Today is Equal Pay Day. It marks out just how much extra time the average woman employed full-time would have to work to equal the pay of the typical man. Four months, 12 days. That’s how much difference remains in a single year of work. This is a day that sets out to aspire toward a level of fairness and decency that doesn’t yet exist, and also to celebrate those who have brought us this far.
… President Obama will designate a new national monument at a historic location in Washington, D.C., to honor the movement for women’s equality. The new Belmont-Paul Women’s Equality National Monument will protect the iconic house that has served as the headquarters for the National Woman’s Party since 1929. From this house... members of the Party led the movement for women’s equality, authoring more than 600 pieces of federal, state and local legislation in support of equal rights.
The house is named to remember Alice Paul, who founded the National Woman’s Party and plotted its strategy through its first decades. Paul traveled to England, where she joined the suffrage movement. Despite her Quaker upbringing, she was a believer in militant action, wasn’t above throwing an insult or a rock, and was jailed 10 times for both vandalism and agitation. Returning to the United States, she led huge marches on the Capitol and conducted endless organizing and planning. Despite years of protests, both Congress and the president remained committed to fighting suffrage. Paul then brought a mere dozen women to stand silently in the first picket aimed directly at the White House. It was a turning point.
As is too often the case when an established system faces a challenge to its authority, the response was brutal—suffragettes were derided as traitors to a war-time president, Paul was jailed and immediately went on a hunger strike, both children and elderly women taking part in protests were beaten down the streets, dozens were thrown into dank cells in horrible conditions, and prisoners on hunger strikes suffered force feedings that were nothing short of torture. Paul herself was eventually dragged away to a sanitarium, where officials tried to have her declared insane. However, the ugliness of the response was seen as a national embarrassment. Three months after Alice Paul led her movement to the gates of the White House, Woodrow Wilson announced his support for woman’s suffrage. Two years later, it was signed into law.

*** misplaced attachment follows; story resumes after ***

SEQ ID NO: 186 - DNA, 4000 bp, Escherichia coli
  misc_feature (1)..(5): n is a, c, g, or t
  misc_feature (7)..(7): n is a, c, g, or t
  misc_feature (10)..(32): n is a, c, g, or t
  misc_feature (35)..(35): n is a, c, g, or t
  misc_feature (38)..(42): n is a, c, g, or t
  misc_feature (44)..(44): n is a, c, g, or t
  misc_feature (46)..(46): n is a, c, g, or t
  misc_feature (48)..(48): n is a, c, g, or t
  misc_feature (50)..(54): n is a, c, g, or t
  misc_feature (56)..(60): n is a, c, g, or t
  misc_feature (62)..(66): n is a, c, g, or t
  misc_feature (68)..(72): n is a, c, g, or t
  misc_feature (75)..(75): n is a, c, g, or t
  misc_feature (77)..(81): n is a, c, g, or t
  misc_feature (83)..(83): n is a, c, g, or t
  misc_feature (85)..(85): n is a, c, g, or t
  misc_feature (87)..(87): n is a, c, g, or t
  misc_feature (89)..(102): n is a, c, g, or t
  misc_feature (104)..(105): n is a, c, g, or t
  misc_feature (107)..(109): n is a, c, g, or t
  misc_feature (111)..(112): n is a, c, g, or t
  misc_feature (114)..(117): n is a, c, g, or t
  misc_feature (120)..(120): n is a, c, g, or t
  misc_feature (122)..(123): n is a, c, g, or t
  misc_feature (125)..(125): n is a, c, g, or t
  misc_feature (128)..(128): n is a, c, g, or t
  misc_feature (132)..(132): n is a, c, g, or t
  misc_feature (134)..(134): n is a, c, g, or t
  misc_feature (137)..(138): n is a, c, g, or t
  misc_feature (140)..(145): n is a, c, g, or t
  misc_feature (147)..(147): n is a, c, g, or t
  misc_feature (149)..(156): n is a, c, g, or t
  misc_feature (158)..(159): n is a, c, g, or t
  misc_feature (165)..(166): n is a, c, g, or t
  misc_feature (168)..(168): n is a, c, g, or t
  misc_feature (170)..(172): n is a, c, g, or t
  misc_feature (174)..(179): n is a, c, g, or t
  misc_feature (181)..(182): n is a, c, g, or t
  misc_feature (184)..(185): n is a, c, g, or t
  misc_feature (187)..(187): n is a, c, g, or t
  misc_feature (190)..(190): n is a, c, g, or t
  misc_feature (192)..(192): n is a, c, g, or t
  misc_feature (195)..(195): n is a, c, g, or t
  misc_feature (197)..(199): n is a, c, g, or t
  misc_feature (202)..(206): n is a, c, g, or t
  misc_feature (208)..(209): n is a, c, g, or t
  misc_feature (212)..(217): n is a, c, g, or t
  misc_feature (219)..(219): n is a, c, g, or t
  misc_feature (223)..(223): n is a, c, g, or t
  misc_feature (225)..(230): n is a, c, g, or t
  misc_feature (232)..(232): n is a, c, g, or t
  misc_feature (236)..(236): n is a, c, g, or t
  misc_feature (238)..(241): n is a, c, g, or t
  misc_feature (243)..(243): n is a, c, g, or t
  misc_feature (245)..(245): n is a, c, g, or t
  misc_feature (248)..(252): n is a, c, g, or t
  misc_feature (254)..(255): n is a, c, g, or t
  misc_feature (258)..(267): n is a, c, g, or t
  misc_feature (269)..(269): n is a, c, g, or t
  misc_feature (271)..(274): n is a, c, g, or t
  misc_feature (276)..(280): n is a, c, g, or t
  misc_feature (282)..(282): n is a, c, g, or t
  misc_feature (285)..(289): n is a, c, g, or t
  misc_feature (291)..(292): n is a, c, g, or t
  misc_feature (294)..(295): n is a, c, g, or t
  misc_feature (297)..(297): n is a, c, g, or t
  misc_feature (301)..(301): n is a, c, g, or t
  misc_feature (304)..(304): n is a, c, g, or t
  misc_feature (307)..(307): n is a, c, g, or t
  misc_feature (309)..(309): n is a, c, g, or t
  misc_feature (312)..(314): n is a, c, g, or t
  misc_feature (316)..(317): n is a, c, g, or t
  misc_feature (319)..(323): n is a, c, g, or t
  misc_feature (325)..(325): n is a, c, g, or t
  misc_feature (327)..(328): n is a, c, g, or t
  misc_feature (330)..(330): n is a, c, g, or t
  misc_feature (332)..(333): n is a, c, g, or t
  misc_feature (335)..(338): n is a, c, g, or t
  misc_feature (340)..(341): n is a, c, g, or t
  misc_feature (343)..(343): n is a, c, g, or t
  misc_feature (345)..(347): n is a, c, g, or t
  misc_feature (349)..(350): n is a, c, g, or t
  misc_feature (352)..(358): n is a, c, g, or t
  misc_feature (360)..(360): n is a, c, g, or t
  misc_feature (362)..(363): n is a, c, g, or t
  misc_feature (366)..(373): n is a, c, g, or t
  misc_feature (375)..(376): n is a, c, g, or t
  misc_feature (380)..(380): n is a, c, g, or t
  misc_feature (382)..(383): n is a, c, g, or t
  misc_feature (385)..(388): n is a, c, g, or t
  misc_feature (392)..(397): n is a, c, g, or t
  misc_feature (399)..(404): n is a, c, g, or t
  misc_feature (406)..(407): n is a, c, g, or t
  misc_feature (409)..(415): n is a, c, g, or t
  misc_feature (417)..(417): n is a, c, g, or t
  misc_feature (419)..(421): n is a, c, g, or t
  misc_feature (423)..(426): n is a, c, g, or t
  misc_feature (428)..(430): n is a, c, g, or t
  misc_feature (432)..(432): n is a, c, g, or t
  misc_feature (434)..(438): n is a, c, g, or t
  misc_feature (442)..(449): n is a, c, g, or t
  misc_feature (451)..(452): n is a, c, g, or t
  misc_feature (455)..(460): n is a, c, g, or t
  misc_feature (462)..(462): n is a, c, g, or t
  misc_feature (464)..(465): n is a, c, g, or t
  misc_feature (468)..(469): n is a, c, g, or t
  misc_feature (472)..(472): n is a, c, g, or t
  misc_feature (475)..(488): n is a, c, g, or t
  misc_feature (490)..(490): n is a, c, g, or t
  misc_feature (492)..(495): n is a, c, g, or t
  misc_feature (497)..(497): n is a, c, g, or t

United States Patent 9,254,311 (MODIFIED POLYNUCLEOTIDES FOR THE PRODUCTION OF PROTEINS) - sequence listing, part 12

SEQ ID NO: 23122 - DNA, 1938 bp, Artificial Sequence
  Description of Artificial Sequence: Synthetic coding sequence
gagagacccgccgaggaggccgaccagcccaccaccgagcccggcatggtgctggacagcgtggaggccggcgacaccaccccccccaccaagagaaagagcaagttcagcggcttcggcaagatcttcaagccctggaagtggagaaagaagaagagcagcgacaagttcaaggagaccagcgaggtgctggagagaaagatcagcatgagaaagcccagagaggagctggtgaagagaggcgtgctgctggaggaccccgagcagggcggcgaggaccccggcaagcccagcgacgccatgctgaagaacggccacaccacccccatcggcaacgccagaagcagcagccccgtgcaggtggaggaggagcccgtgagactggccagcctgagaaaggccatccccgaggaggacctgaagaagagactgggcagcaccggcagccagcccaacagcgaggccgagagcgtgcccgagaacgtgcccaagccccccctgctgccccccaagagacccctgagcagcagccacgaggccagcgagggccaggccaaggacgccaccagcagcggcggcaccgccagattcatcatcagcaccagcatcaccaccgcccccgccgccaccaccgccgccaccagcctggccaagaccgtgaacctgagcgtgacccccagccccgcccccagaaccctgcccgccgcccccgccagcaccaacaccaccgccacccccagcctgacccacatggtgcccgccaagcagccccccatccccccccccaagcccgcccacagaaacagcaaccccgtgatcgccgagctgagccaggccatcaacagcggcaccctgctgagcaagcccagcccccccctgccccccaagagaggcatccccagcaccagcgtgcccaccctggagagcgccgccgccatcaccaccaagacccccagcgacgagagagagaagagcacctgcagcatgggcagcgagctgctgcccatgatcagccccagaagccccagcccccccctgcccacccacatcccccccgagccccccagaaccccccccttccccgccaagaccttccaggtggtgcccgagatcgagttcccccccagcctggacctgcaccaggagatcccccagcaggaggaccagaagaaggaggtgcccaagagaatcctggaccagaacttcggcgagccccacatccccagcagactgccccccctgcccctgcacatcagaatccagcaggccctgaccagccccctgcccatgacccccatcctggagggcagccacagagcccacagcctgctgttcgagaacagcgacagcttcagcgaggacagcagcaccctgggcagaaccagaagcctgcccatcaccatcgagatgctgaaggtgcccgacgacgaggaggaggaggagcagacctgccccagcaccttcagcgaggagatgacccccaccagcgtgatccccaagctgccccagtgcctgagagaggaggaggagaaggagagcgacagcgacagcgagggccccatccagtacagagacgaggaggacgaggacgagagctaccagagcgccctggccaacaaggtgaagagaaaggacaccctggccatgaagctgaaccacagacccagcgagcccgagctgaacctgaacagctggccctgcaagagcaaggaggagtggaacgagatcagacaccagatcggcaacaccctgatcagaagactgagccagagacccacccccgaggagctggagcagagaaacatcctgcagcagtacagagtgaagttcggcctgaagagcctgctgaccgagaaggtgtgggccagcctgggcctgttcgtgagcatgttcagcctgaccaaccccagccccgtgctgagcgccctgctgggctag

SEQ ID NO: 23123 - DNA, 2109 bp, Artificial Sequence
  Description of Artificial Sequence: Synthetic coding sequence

If that was the end of Alice Paul’s story, she would still be among America’s greatest figures. But it’s not. She kept fighting for women’s rights through the decades, drafting legislation, lobbying for its passage, bringing more women to the movement, and convincing men of the injustice written into law. In 1923, she and Crystal Eastman wrote the Equal Rights Amendment. She fought for its passage for the next 50 years. Why is sex discrimination a part of the 1964 Civil Rights Act? Because Alice Paul, that’s why.
“It is incredible to me that any woman should consider the fight for full equality won. It has just begun. There is hardly a field, economic or political, in which the natural and unaccustomed policy is not to ignore women…Unless women are prepared to fight politically they must be content to be ignored politically,” — Alice Paul.
She said that in 1920. From 1920 until her death, Alice Paul saw women’s suffrage, the Civil Rights Act, the Equal Pay Act of 1963, and a steadily increasing role of women in every aspect of society. When she died in 1977, the Equal Rights Amendment she helped to author had been ratified in 35 states. It needed only three more to pass. But that didn’t happen, and here we are 40 years later with women still working an extra four months, 12 days.
President Obama signed the Lilly Ledbetter Fair Pay Act as his first act in office. That was good. It’s not enough. We still need the Paycheck Fairness Act. We still need the Equal Rights Amendment. We still need women and men willing to agitate, protest, and fight.